ASC 4144: Family Roots
Books in the Main Stacks
Citing Your Resources
Doing ethical research means citing sources. It is critical to credit writers for their work and their contributions to your research. To not do so is unethical and leads to plagiarism - unintentionally or not. Here are some sources to help you cite properly and to avoid the problem of plagiarism.
- Citation Styles
This lists citation engines which help you create proper citations as well as providing information on different citation styles.
- Tips on avoiding plagiarism
Turnitin is a service that faculty and students use to detect and avoid plagiarism in their writing.
NoodleBib is an online resource that will help you format MLA and APA bibliographies, exporting them directly to your word processing program.
Dictionaries & Encyclopedias
Byer, P.K. (1995). African American genealogical sourcebook. New York: Gale Research, Inc. The African American experience in the United States makes genealogical research a bit more challenging. This book will help you understand how African American history had an impact on the kinds of records kept for individuals and where those records can be found. Also included are examples of common types of records. Unlike most genealogical handbooks, this one provides essays that can provide a historical and social context for African American family research. Reference E 185.96 .A37 1995
Carmack, S.B. (2001). Your guide to cemetery research. Cincinnati: Betterway Books. This unique book will help you locate records of death and cemeteries and use both of those resources for compiling a family history. Two chapters are devoted to burial rights and customs, while appendices provide definitions of terms related to death and burial as well as interpretations of tombstone symbols. Reference CS 21 .C36 2002
Kay, T.J. (2000). International vital records handbook, 4th ed. Baltimore, MD: Genealogical Publishing Co. Instructions and sample forms for requesting birth certificates, marriage licenses, death certificates and other important documents in the United States, U.S. Territories, and selected countries. however, use this book with caution: This book was published in 2000, some of the forms and instructions may be more current (and available) online. Reference CS 42.7 .K46 2000
Library of Congress. (2001). Guide to genealogical research at the Library of Congress. Washington, DC: Library of Congress. This brief guide provides an overview of the research tools and collections available to the public. This is particularly useful if you plan to visit the LOC to work on a genealogical project. However, more comprehensive information can be found online at the Library’s Local History and Genealogy Reading Room. Reference CS 42.7 .G46 2001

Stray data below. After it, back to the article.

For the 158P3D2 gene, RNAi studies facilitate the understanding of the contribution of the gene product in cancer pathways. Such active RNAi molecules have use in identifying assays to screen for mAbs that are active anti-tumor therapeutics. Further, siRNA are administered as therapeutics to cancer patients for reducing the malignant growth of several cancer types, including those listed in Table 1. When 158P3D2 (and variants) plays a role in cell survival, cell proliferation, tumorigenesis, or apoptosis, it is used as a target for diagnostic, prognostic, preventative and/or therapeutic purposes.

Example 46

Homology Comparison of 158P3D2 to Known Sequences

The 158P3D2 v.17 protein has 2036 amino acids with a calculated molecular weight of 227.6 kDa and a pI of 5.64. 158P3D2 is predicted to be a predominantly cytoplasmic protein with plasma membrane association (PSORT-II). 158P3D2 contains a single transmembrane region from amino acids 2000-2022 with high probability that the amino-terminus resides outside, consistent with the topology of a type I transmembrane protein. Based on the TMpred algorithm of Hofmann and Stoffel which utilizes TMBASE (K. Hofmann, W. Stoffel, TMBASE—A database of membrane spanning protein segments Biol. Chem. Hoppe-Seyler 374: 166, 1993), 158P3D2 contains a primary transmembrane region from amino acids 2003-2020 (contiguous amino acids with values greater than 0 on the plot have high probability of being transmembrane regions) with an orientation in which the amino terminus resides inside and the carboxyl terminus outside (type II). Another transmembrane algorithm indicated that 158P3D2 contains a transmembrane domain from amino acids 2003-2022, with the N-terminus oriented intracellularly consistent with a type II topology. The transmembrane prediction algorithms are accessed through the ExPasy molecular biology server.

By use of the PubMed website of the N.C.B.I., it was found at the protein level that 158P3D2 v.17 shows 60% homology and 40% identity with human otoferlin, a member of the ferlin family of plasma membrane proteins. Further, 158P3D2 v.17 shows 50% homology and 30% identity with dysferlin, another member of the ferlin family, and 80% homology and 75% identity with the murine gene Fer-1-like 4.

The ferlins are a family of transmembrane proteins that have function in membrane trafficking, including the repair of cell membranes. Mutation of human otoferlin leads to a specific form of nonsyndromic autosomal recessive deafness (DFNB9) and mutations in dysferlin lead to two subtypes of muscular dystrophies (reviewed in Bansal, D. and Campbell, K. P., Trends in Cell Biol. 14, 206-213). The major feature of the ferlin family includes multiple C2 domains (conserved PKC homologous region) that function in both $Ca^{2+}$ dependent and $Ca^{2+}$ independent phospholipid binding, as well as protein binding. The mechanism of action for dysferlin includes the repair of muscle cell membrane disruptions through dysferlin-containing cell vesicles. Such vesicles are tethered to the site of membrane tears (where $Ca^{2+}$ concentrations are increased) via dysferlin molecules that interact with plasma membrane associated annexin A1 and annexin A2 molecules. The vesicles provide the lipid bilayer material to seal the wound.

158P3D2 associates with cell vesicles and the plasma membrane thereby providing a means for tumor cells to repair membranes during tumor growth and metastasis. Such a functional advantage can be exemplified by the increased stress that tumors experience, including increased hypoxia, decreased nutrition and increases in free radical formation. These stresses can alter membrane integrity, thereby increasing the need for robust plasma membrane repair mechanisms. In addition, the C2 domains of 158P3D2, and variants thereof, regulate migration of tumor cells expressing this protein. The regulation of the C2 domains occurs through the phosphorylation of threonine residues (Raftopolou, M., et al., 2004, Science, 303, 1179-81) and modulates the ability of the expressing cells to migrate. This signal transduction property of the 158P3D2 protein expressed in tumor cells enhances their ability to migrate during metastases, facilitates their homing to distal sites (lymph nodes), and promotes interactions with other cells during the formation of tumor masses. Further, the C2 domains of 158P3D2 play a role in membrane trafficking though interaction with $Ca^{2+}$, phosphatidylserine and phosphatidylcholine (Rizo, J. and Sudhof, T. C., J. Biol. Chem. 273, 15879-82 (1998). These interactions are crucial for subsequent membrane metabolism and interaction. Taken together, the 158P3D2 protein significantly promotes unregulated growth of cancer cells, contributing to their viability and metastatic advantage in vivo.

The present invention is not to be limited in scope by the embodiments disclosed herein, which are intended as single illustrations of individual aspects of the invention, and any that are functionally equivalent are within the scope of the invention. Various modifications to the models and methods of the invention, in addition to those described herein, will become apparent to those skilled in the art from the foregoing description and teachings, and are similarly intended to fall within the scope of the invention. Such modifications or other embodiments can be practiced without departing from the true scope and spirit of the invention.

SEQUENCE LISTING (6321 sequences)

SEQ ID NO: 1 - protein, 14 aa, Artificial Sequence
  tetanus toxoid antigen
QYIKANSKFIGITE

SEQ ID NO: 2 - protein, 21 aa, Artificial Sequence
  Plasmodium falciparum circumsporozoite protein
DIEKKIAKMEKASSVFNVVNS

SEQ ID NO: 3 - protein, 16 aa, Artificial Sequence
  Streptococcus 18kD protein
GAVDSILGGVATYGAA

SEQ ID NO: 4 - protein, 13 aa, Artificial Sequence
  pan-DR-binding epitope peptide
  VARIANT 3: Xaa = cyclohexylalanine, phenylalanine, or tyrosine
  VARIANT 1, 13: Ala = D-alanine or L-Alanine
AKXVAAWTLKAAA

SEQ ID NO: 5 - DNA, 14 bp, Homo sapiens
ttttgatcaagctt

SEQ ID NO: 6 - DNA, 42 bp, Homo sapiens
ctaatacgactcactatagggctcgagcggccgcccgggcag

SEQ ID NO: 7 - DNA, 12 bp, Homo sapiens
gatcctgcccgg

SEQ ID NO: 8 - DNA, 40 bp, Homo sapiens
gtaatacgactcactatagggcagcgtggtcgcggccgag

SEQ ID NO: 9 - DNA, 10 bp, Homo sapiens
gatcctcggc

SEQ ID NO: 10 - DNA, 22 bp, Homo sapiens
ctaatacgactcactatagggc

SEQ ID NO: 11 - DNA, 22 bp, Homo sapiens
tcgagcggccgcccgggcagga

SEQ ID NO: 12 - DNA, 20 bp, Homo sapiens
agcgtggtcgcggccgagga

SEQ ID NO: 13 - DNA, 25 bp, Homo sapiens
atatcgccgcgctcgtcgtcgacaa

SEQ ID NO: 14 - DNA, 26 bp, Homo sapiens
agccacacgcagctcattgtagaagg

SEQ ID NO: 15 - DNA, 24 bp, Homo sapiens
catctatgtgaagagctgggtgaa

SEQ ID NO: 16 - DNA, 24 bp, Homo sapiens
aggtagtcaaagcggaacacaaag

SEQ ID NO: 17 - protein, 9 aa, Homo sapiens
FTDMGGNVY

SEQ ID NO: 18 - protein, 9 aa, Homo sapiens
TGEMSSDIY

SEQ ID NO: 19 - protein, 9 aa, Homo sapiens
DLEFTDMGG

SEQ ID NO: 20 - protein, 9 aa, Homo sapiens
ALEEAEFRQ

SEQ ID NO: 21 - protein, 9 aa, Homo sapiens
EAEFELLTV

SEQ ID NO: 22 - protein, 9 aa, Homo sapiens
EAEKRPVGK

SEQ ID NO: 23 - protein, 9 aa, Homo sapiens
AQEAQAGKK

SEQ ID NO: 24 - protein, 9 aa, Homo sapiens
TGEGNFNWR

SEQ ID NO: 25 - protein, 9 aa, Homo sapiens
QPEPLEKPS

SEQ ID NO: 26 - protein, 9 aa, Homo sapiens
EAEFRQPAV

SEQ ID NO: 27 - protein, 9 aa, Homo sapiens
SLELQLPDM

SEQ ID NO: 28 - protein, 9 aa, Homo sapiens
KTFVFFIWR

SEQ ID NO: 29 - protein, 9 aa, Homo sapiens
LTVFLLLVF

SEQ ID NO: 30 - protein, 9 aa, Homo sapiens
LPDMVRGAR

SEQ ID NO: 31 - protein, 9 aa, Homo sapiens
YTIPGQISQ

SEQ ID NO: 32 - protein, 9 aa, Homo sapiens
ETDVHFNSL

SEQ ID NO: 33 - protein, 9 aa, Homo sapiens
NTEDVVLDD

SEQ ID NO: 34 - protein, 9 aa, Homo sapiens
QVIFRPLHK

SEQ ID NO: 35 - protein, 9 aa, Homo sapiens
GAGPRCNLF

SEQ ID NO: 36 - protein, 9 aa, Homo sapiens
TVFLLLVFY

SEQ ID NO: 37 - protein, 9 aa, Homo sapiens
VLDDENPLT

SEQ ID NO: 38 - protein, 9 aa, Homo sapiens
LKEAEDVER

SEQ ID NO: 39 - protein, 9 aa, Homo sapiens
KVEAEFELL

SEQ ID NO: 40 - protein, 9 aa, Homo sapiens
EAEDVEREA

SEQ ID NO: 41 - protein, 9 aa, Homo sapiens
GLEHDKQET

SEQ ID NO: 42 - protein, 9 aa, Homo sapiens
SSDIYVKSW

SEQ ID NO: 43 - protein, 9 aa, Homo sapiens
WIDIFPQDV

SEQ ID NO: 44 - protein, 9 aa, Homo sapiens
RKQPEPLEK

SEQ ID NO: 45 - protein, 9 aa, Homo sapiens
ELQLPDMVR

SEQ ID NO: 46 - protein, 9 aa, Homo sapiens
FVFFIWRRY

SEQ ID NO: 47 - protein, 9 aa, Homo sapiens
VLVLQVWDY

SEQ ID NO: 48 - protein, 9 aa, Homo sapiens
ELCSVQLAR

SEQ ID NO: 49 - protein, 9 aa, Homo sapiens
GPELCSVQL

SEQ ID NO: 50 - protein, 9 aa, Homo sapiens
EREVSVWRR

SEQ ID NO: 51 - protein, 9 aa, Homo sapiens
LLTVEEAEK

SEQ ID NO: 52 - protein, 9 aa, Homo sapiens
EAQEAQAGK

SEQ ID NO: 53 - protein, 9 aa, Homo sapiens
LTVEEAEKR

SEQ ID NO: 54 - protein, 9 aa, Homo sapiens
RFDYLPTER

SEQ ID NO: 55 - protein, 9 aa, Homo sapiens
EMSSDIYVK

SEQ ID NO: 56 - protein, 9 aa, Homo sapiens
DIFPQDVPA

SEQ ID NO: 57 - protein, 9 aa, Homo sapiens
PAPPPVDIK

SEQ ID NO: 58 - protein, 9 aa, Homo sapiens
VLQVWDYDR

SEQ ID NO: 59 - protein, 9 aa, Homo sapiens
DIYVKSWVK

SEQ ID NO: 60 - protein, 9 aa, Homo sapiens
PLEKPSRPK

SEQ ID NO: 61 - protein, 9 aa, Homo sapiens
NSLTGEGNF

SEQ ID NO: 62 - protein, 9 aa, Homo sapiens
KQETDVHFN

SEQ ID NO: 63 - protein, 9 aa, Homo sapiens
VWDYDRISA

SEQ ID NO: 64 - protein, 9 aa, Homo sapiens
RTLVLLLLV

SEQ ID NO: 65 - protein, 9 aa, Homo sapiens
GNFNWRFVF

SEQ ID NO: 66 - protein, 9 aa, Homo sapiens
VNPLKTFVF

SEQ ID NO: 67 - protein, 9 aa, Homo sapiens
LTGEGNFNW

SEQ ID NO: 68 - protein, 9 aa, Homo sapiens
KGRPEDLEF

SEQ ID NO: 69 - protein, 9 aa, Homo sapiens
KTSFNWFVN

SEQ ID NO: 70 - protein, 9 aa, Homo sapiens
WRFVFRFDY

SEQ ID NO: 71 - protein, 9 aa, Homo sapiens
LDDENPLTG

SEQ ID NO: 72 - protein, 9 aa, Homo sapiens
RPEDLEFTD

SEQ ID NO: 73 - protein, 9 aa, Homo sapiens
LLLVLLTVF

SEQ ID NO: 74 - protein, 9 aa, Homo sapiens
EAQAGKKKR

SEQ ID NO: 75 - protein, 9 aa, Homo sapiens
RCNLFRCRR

Reid, J.P. (1998). Family ties in England, Scotland, Wales, & Ireland: Sources for genealogical research . Washington, DC: Library of Congress. This is an annotated bibliography of resources for locating family information in the British Isles. Reference Z5313 .G69 R45 1998
Sankey, M.L., & Ernst, C.R. (Eds.). (1998). Librarians’ guide to public records: The complete state, county, and courthouse locator. Baltimore, MD: Genealogical Publishing Co. Contact information for institutions housing vital records can be found here, listed state-by-state. Reference JS 344 .P77 .L5 1998 (ask at desk)
Sturdevant, K.S. (2000). Bringing your family history to life through social history. Cincinnati: Betterway Books. Learn how to create a context for your family history using photographs, objects, correspondence, and historical research about the place and time in which your loved ones lived. Reference CS 16 .S862 2000
Szucs, L.D.,& Leubking, S.H. (Eds.). (1997). The source: A guidebook of American genealogy. Salt Lake City: Ancestry, Inc. Though this may seem a bit dated, this is still a useful resource for locating and using census data; court, church, and tax records; military employment records; and more for genealogical research. The author provides some guidance in using databases, indexes, and other finding aids. Reference CS 49 .S65 1997
Databases with Articles contain material published in magazines, journals, and newspapers.
Reference Sources include dictionaries, encyclopedias, directories and more.
= database and full text info.
Databases with Articles
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Last Modified on June 09, 2015, at 10:14 AM by SGT